Making coffee for the Christmas crowd
If you are a barista, you may have made the mistake of spending the holidays with a group of friends or family whilst being a barista. As all your friends and family are on holidays, it’s obvious that you will love nothing more than to spend your lazy holiday mornings by waking up at dawn’s crack making coffee for a holiday household of 15 or so, each with their own strength, flavour, fat and allergy preference. And time of delivery preference. How lovely that you have this opportunity to exercise your love for the craft in your down time. You should give the accounts and engineers in the house this gift by giving them your receipts and broken electronic equipment to sort out over breakfast.
But not this year! This is your year to take a stand. Not from brewing everyone coffee, obviously, you remember that paragraph in the contract you signed when joining the hallowed barista guild? The oath you swore in your pre-infusion ceremony? The one that said “thou shalt barist above and beyond the call of duty. Thou shalt answer to every order, anticipate every thought that cries ‘I need a coffee’, when it is in your power and jurisdiction to do so, with prompt and humble service.” It was in the fine print.
Anyway, so while you are inextricably bound to your oath, there are ways of making it easier for yourself. Here’s how:
First and foremost, arm yourself with the tools of the mass coffee consumption trade. Bring an electric grinder, a batch brewer and a thermos. You will receive ridicule for being a coffee snob with too many gadgets and begrudged for taking up too much space in the kitchen (mostly by Uncle Keiran whose taken up all the fridge space with his own ham he bred, fed, shot and under-cured that won’t be ready till 10pm Christmas night, while moving mum’s prawns and oysters to the esky, making for an adventurous Boxing Day lunch).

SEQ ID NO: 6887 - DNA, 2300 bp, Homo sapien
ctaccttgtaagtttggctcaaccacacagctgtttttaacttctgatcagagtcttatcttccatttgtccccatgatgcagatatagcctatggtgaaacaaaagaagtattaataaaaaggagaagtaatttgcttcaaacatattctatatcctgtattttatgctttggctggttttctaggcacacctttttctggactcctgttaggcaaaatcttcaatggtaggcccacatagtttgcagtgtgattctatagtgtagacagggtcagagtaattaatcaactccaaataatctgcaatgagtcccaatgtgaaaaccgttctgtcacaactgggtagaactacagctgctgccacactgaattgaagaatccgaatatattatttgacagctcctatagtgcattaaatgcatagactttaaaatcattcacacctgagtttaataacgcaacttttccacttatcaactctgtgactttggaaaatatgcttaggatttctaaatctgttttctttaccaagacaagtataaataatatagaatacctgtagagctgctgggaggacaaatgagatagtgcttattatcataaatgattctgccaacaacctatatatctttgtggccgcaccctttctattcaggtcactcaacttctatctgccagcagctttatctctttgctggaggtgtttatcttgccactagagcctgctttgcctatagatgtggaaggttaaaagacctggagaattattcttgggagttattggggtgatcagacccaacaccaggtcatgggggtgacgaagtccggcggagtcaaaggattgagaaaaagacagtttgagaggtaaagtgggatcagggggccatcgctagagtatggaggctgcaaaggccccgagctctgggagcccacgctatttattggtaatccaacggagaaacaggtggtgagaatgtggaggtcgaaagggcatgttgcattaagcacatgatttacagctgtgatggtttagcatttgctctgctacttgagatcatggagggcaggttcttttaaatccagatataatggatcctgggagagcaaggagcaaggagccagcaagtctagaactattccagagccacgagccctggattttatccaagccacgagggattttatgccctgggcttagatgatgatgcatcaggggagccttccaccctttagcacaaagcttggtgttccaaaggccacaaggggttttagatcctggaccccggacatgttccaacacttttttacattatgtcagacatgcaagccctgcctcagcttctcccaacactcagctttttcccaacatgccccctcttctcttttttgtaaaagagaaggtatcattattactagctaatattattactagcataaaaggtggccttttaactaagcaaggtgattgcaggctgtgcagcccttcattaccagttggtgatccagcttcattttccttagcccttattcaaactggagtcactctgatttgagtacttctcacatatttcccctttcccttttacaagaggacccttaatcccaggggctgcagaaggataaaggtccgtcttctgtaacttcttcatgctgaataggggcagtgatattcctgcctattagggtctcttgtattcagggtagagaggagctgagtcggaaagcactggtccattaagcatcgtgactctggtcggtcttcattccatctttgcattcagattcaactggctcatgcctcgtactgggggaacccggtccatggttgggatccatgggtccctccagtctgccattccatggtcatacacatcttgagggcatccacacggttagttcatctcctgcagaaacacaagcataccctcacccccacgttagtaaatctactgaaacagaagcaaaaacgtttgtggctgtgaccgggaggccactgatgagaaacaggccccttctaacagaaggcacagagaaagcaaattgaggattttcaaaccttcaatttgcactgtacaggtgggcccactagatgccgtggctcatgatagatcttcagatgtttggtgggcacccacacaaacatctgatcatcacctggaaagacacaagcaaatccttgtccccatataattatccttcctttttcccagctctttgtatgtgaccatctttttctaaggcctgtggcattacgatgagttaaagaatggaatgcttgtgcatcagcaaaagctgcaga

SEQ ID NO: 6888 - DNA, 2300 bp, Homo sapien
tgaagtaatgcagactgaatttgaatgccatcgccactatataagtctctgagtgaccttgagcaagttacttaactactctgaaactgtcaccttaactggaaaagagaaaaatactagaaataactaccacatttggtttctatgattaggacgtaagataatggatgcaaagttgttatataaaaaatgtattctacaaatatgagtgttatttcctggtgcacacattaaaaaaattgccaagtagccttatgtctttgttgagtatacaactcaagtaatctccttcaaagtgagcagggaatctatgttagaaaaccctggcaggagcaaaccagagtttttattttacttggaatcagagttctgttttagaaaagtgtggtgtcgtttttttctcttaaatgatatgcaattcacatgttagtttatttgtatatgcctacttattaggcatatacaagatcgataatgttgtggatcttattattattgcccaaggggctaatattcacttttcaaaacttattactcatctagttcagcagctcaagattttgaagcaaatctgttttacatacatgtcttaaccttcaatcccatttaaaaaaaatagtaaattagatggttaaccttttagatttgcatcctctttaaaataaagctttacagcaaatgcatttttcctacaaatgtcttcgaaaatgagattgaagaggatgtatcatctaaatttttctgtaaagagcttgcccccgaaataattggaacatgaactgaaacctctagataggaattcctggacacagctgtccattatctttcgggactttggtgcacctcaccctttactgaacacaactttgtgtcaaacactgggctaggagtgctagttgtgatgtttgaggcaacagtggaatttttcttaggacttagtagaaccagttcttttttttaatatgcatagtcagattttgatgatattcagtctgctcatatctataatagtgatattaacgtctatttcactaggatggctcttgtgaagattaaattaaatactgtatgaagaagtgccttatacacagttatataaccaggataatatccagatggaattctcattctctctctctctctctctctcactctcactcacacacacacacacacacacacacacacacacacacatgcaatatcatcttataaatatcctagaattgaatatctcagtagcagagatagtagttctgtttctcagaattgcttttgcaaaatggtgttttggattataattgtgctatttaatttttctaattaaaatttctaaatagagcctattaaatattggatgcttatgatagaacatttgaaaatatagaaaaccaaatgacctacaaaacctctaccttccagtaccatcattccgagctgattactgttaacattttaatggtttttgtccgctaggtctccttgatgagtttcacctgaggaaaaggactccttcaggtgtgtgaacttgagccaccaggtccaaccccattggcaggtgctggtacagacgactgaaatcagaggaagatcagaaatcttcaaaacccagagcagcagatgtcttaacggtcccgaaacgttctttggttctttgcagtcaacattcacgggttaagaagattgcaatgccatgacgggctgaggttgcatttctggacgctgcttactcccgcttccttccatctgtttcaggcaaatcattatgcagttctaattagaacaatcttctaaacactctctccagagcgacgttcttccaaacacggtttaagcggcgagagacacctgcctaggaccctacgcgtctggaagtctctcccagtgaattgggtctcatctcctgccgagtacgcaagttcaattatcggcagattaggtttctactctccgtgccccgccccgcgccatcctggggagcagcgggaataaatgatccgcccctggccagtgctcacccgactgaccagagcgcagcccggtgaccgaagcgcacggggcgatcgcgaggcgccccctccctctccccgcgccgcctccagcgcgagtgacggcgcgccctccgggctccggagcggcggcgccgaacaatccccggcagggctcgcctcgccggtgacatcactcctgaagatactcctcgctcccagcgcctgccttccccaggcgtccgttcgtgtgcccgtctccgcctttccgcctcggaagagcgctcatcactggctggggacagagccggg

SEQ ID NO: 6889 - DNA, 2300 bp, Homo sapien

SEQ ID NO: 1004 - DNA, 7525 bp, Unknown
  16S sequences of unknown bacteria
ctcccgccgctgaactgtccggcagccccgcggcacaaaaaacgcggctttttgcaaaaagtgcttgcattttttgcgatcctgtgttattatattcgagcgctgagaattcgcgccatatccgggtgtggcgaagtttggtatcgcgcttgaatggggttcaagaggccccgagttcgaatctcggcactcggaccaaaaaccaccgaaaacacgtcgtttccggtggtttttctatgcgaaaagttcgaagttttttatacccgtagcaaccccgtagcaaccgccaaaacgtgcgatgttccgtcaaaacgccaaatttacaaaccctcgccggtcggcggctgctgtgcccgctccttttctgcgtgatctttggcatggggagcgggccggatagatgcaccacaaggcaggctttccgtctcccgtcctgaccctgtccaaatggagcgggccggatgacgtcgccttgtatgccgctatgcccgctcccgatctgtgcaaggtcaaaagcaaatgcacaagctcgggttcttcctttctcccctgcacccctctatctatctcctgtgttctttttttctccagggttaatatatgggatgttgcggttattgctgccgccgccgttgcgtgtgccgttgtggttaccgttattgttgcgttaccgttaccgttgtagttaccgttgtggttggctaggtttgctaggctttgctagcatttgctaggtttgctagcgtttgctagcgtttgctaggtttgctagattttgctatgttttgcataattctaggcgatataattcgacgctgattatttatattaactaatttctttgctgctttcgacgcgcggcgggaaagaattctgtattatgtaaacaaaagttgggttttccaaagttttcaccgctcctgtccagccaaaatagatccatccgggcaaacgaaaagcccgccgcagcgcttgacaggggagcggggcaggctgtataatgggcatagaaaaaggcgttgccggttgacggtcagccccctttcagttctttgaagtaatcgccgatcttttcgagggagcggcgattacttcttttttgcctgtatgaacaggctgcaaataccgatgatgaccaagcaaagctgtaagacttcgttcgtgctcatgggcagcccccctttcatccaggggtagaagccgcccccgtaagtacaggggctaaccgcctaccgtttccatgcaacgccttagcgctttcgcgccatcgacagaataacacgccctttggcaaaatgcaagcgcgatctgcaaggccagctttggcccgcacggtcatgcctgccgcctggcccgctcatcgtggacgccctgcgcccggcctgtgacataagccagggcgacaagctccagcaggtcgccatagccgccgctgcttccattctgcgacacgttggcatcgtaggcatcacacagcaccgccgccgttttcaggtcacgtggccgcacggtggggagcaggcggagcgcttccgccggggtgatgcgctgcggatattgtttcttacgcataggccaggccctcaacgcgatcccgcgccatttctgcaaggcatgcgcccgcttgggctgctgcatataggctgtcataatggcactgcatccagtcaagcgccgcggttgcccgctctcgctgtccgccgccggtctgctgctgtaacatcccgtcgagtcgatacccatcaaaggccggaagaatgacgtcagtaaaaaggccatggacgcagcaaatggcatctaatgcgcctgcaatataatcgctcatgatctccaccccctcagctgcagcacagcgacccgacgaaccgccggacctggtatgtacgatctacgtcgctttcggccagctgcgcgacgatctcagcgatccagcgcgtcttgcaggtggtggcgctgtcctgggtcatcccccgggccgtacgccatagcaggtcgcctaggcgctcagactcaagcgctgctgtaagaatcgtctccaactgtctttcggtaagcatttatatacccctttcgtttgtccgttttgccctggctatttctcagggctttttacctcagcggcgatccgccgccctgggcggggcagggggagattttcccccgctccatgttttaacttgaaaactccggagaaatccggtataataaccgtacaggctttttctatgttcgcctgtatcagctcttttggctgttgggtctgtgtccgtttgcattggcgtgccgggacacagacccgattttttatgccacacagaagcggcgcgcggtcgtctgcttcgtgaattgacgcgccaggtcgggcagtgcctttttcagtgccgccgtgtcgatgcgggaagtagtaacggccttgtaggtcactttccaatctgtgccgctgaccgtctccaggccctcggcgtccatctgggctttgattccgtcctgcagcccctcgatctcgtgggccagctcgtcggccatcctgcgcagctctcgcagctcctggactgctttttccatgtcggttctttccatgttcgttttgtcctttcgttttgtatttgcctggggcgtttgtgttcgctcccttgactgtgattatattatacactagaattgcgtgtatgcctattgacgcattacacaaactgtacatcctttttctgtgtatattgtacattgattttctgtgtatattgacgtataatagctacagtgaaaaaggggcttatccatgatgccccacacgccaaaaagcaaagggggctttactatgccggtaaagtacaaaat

Pick a well rounded, smooth yet complex blend. Something that can handle a dash of milk, but also splendid to drink black. As ’tis the season, Sparkle Blend will be delightful, but Liberty Blend would also be particularly splendid for the job.
Check the maximum capacity of your batch brewer, and divide this by 16.666666666 etc etc and that will be the weight of beans you’ll need to grind (ratio is 1g coffee : 16.66666g water). For example, if your batch brewer has a 2.5L capacity (lucky you!), you’ll need 150.00006g of coffee.
Grind it up, chuck it in the brewer as per the manufacturer’s instructions, fill it with water to maximum capacity and let ‘er rip! (that is, turn it on). When it’s finished, pour it into the thermos (or mugs if you’re feeling extra servitudeful. But leave them on the bench. Handing them out is ill advised, as it invites requests for specific milk additions, sugar requirements, and requests to ‘just zap it in the microwave for 15 secs thanks love”) and raise your arms and your voice and proclaim “coffee is served!”. Wait for the applause to die down, then point to the mugs on the bench, point to the thermos, point to the fridge where the milk is kept, point to the shelf where the coffee is, everyone should know where the cutlery draw is by now, then grab yourself a brew and get the heck out of there. Enjoy your morning, satisfied you are a happiness begetter and oath keeper.
In the evening, if by some miracle there’s some left over, chuck it in the fridge for tomorrow’s SOGAB (Sipping On Gin And Brew. I made it up just now but you can have it for free). Fill a highball glass with ice, in go two dashes cold brew, two dashes gin, a squeeze of lemon, and topped up with tonic. Sogab, so good.